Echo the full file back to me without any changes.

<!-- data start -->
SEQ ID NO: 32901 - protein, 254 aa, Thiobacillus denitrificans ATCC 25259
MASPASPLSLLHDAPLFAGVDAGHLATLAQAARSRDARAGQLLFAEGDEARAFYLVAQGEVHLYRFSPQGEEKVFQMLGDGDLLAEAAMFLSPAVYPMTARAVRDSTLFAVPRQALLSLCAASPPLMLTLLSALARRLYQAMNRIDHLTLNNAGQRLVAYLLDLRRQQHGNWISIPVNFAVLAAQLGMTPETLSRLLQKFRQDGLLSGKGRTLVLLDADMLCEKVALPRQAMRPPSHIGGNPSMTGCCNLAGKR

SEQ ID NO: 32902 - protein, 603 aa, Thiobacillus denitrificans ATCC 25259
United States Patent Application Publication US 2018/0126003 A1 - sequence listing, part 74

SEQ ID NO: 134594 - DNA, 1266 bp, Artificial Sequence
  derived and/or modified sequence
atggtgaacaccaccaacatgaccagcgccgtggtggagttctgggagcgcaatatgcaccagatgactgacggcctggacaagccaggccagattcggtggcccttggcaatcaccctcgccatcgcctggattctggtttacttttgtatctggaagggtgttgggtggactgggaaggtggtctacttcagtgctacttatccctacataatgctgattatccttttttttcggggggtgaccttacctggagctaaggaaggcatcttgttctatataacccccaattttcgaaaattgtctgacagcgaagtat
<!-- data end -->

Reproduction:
SEQ ID NO: 32901 - protein, 254 aa, Thiobacillus denitrificans ATCC 25259
MASPASPLSLLHDAPLFAGVDAGHLATLAQAARSRDARAGQLLFAEGDEARAFYLVAQGEVHLYRFSPQGEEKVFQMLGDGDLLAEAAMFLSPAVYPMTARAVRDSTLFAVPRQALLSLCAASPPLMLTLLSALARRLYQAMNRIDHLTLNNAGQRLVAYLLDLRRQQHGNWISIPVNFAVLAAQLGMTPETLSRLLQKFRQDGLLSGKGRTLVLLDADMLCEKVALPRQAMRPPSHIGGNPSMTGCCNLAGKR

SEQ ID NO: 32902 - protein, 603 aa, Thiobacillus denitrificans ATCC 25259
United States Patent Application Publication US 2018/0126003 A1 - sequence listing, part 74

SEQ ID NO: 134594 - DNA, 1266 bp, Artificial Sequence
  derived and/or modified sequence
atggtgaacaccaccaacatgaccagcgccgtggtggagttctgggagcgcaatatgcaccagatgactgacggcctggacaagccaggccagattcggtggcccttggcaatcaccctcgccatcgcctggattctggtttacttttgtatctggaagggtgttgggtggactgggaaggtggtctacttcagtgctacttatccctacataatgctgattatccttttttttcggggggtgaccttacctggagctaaggaaggcatcttgttctatataacccccaattttcgaaaattgtctgacagcgaagtat